When the weather turns harsh and the cold nights of winter hem me into the studio, I relish the time I can spend on my experiments. Still life painting (Nature morte to the French) is a traditional, and often maligned, subject area. What is not fully realised is that it has been the testbed for many great painters, notably Picasso, Matisse, Van Gogh, Gauguin. I say test bed as it is how experiments with forms, colours, tones and textures can be made. We are surrounded by all kinds of extraordinary objects both human made and natural that one is spoilt for choice.
For me the excitement is in the juxtapositions; arrangements that can have all kinds of ramifications. The juxtapositions can tell stories, write poems, produce surreal dreams. I love to lay out a plethora of plants and objects including various lighting systems; candle, oil lamp, halogen spots on a very large glossy white table. Why the glossy table? To obtain complex shadows and reflections as well as adding drama and more complex shapes. This layout system can and does produce a complex mini world; a kind of landscape in which one can roam about. This method has the potential to produce numerous images which have varying ways of bringing out the character of the separate components. One of the interesting juxtapositions I like are the relationship between human made decorations on ceramics, cloth etc and natural forms, especially flowers.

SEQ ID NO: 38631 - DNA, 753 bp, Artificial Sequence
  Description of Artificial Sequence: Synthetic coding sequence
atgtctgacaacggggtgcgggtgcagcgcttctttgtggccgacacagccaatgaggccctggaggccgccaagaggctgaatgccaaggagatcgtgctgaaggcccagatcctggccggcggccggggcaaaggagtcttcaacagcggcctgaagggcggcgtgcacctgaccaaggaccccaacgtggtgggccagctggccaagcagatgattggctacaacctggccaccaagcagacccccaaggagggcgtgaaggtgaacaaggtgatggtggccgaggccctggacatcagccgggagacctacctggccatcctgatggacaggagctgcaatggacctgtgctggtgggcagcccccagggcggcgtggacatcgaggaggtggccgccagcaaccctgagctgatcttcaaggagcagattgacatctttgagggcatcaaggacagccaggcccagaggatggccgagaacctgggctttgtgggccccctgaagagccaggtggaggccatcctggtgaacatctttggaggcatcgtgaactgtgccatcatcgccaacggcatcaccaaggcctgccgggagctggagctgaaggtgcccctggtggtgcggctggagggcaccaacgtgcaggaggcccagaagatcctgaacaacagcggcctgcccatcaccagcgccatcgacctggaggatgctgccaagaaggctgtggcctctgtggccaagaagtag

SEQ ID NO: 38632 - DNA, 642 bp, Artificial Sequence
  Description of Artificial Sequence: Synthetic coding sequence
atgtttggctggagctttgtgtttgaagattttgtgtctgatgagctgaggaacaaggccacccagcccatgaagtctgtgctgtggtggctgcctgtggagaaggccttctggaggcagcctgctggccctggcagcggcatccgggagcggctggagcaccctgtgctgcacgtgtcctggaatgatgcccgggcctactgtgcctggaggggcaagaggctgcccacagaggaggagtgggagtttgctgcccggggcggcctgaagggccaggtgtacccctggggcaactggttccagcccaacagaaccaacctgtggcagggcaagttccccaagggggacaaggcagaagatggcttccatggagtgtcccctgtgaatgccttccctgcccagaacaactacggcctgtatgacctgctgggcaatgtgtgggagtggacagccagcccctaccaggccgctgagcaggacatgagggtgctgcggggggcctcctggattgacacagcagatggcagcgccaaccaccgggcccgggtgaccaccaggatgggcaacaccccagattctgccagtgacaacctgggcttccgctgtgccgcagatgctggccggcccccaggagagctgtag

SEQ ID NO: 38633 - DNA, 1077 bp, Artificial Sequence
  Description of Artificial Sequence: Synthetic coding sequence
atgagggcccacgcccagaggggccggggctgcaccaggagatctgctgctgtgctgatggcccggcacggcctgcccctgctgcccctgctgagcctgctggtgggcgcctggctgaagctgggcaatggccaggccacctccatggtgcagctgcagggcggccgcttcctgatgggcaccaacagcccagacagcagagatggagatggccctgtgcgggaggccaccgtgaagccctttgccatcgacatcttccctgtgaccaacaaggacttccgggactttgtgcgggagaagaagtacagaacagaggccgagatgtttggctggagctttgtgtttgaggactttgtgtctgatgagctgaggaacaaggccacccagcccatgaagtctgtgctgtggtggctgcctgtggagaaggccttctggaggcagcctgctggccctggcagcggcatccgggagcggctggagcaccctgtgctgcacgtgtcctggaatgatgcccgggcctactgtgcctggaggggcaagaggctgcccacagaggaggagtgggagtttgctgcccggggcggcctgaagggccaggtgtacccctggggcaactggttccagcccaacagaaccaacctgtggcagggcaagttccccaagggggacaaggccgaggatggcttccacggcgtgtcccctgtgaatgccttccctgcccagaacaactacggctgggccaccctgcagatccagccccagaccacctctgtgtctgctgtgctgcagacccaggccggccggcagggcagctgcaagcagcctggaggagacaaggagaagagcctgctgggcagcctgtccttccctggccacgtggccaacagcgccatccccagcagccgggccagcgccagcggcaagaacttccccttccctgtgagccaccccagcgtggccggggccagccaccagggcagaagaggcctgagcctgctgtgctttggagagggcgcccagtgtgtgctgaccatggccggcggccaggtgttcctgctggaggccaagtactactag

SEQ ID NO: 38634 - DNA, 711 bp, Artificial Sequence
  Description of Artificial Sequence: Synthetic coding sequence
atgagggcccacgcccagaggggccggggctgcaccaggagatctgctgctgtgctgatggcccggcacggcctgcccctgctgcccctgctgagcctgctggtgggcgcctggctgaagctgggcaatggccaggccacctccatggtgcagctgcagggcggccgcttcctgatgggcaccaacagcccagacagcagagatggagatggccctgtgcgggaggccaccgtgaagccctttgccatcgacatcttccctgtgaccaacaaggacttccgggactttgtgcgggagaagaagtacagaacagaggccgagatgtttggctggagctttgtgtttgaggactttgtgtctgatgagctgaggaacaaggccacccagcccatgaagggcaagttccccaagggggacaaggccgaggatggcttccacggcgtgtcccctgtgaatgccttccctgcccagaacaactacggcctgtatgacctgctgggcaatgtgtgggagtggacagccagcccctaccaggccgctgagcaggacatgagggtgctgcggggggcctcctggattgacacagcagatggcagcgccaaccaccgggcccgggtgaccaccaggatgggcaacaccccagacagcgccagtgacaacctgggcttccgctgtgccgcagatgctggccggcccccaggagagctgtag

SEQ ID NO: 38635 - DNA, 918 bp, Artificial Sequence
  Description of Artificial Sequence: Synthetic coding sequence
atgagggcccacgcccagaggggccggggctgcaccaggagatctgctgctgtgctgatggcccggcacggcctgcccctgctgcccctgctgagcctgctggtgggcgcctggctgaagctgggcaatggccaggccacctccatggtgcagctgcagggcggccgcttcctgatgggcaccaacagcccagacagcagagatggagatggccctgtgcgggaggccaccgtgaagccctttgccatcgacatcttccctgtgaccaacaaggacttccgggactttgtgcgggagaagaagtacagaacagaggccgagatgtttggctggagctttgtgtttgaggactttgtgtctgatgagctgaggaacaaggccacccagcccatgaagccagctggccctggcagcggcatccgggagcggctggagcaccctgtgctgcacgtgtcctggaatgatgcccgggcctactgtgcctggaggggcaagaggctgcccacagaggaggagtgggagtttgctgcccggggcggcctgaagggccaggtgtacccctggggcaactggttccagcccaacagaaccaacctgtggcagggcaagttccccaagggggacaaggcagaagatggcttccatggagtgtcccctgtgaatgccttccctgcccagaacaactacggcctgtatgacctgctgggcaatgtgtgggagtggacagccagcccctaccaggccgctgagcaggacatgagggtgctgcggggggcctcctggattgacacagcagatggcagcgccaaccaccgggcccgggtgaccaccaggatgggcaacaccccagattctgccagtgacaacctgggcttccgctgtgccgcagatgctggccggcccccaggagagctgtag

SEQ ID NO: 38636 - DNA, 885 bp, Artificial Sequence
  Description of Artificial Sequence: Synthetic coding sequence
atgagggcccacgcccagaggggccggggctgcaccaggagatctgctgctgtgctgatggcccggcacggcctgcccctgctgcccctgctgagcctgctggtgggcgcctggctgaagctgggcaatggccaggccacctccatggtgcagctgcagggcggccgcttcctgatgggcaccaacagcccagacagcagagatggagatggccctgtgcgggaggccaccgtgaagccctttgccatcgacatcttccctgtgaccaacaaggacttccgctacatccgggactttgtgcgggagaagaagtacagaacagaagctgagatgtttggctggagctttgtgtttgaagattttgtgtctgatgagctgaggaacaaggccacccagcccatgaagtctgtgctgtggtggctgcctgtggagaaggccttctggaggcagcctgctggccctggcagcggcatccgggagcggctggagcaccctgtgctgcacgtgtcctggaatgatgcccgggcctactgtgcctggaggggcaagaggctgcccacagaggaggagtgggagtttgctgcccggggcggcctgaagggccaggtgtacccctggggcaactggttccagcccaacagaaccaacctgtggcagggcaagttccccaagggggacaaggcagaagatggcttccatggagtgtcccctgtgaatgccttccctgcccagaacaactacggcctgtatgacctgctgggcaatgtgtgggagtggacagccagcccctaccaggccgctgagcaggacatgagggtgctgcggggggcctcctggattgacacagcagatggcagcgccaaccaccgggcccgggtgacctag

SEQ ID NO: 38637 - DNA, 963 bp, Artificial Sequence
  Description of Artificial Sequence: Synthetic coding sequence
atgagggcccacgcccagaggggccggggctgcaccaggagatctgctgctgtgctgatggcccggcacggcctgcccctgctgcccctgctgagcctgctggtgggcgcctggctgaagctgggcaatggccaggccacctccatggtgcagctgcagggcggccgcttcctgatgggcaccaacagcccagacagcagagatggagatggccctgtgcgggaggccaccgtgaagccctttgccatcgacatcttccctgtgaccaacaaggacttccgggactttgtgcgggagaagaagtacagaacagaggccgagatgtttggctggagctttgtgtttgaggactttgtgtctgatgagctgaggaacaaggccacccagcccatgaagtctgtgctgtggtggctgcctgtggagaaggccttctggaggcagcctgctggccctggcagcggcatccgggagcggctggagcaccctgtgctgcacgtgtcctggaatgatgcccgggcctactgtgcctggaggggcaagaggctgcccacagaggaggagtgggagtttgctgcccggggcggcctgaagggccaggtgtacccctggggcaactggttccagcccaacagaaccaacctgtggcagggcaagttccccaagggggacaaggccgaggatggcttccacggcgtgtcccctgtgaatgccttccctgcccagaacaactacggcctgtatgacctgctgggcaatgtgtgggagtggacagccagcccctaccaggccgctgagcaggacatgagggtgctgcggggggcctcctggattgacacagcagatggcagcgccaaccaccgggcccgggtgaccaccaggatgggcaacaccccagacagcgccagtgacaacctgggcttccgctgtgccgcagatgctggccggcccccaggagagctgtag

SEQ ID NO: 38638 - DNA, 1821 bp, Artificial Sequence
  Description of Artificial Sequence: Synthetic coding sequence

Occasionally I want to introduce a plate or vase but don’t have one that would be appropriate. My solution is to make one up from my imagination and decorate accordingly. Building still life arrangements enables me to live in a fantasy world where objects interplay, where particular colours can interact and resonate and where I can conduct lighting experiments, playing out harmonies in the same way as musical composers would play with their notes.